A bankruptcy conversion is not an uncommon occurrence. In Hart’s case, he discovered that he was carrying too much debt to successfully complete the repayment plan associated with his Chapter 13 bankruptcy. Sometimes people discover their financial situations have changed and they can no longer make payments toward the repayment plan they agreed to during a Chapter 13 bankruptcy.
If you choose to convert your Chapter 13 bankruptcy to a Chapter 7 bankruptcy, you will need to meet eligibility guidelines, including passing the bankruptcy means test, which determines your income and expenses. You will also need to make sure you have not filed for a Chapter 7 bankruptcy during the last eight years. Occasionally, bankruptcy courts will force debtors into a ‘forced conversion’, and convert their Chapter 13 bankruptcy to a Chapter 7 bankruptcy when a repayment plan cannot be met.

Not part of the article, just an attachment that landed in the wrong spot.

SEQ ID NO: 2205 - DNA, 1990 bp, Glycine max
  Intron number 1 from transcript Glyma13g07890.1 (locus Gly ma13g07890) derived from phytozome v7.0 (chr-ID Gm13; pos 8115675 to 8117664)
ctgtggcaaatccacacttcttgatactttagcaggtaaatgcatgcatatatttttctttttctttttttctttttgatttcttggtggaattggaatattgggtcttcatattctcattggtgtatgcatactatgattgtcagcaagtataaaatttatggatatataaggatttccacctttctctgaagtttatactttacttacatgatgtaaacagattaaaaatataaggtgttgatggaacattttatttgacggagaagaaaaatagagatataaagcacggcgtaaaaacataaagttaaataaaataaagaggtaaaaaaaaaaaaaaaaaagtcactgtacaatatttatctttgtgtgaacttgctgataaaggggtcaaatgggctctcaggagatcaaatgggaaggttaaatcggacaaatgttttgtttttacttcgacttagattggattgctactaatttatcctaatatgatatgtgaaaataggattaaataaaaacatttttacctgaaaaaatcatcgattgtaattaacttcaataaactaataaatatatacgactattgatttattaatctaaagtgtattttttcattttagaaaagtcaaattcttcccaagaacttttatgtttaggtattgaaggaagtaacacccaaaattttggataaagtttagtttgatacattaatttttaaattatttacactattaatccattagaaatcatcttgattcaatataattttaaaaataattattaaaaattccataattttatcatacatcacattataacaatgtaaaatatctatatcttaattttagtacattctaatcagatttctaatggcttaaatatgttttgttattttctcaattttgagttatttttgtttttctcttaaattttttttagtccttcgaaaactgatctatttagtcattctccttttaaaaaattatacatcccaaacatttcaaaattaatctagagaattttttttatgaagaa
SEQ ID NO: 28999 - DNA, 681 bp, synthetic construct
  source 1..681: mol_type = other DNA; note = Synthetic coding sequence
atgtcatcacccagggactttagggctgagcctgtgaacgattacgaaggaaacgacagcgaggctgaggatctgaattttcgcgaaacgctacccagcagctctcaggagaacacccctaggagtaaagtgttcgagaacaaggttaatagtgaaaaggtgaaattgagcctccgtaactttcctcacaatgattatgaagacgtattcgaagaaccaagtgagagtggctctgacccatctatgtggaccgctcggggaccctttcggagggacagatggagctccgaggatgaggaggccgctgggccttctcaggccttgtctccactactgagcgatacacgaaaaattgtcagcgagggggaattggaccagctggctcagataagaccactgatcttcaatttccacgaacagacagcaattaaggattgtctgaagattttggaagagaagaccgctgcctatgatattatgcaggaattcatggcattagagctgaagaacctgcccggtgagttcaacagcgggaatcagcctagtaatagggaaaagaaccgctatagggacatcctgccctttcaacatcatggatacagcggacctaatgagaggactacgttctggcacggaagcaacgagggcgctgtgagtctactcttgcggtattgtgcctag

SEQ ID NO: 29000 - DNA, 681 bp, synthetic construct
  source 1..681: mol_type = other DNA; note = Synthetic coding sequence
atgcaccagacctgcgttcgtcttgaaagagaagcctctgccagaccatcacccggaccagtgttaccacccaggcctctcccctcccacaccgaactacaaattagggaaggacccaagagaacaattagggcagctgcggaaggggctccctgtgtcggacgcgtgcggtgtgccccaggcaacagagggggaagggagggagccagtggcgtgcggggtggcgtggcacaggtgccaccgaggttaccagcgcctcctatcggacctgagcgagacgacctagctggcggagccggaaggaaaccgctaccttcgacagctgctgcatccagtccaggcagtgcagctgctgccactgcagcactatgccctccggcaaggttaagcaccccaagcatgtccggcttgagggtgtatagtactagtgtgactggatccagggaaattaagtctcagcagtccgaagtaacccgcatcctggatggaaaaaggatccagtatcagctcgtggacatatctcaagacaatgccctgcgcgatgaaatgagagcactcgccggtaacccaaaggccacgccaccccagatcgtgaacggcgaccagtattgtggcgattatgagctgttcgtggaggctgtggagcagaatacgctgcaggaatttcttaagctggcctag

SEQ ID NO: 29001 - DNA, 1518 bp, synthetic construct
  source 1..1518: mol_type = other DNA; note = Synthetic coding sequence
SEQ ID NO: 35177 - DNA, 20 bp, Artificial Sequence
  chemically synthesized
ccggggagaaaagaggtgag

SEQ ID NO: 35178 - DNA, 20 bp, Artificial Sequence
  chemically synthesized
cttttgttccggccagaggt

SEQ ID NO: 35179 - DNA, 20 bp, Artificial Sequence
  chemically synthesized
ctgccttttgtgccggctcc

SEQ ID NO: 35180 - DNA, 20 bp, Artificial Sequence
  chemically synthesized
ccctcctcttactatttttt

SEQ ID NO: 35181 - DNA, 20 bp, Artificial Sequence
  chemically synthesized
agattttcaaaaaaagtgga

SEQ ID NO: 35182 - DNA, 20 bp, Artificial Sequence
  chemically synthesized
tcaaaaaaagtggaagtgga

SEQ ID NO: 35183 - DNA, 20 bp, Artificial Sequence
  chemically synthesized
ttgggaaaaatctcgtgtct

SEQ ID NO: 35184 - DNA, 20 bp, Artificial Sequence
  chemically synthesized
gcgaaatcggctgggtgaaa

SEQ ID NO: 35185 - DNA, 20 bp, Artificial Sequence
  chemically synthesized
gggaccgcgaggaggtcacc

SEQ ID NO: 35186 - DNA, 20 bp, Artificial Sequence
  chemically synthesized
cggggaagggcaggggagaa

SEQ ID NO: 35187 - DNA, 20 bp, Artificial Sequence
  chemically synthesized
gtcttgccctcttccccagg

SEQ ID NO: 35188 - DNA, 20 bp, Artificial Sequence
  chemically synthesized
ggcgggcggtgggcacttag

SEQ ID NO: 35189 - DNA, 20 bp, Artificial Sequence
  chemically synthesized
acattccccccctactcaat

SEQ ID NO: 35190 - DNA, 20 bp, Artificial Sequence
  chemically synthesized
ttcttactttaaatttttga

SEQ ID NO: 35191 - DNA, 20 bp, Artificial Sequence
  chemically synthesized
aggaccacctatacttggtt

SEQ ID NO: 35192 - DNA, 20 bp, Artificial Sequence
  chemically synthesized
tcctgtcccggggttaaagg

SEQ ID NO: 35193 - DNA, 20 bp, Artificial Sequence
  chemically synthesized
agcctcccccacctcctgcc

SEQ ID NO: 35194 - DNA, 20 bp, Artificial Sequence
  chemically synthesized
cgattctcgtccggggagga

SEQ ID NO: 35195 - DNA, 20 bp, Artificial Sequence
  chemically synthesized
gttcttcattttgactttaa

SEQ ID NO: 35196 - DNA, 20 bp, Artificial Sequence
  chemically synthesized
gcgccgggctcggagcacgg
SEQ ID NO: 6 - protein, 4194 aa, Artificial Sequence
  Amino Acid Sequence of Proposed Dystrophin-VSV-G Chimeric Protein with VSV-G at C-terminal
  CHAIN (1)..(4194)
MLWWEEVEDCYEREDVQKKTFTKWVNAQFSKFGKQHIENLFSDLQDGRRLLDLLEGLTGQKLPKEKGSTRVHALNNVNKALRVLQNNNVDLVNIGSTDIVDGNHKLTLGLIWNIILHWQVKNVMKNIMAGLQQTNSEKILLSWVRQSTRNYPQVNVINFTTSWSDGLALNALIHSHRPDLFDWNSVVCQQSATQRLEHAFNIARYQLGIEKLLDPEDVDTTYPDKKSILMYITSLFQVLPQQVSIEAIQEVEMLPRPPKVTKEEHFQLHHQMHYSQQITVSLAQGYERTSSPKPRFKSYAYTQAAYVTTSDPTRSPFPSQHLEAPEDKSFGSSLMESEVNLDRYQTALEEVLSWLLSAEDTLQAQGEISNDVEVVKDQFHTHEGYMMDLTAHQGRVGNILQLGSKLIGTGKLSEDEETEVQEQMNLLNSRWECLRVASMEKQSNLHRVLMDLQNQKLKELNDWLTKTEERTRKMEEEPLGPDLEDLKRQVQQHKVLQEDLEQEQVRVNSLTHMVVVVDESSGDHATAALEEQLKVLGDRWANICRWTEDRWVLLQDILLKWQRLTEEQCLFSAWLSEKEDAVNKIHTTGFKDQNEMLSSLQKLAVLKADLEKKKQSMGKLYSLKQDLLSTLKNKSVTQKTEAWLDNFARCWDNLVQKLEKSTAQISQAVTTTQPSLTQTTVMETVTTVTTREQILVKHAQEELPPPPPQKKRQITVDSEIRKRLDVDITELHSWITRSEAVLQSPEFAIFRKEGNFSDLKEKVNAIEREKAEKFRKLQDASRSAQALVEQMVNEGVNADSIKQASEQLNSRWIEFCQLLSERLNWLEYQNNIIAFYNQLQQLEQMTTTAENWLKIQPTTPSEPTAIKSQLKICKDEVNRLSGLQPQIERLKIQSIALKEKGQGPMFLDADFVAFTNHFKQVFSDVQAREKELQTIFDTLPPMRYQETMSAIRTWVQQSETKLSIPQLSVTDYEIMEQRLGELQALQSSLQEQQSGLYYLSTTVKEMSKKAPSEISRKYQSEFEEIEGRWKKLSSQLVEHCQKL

Sometimes, people choose to convert because they’re no longer interested in keeping the properties they saved under their Chapter 13 bankruptcy plans. If you have questions about converting a bankruptcy case, you should speak to an attorney who will be able to determine if one is possible.
Converting a bankruptcy case is nothing to be embarrassed about—many people find the benefits of Chapter 7 bankruptcy to be great. Chapter 7 allows debtors to discharge unsecured debts like credit card debt, medical bills and some judgments.
On Friday, we will discuss fraudulent transactions. If you need relief from things like credit card debt and medical bills, bankruptcy can be a solution. Our Washington DC and Maryland bankruptcy attorney can help you with a free consultation by filling out the contact form on this website or by calling (202) 888-8454 to schedule an appointment. We can offer you the best solution for whatever your debt issues may be.
Law Firm of Kevin D. Judd– Maryland and Washington DC bankruptcy lawyer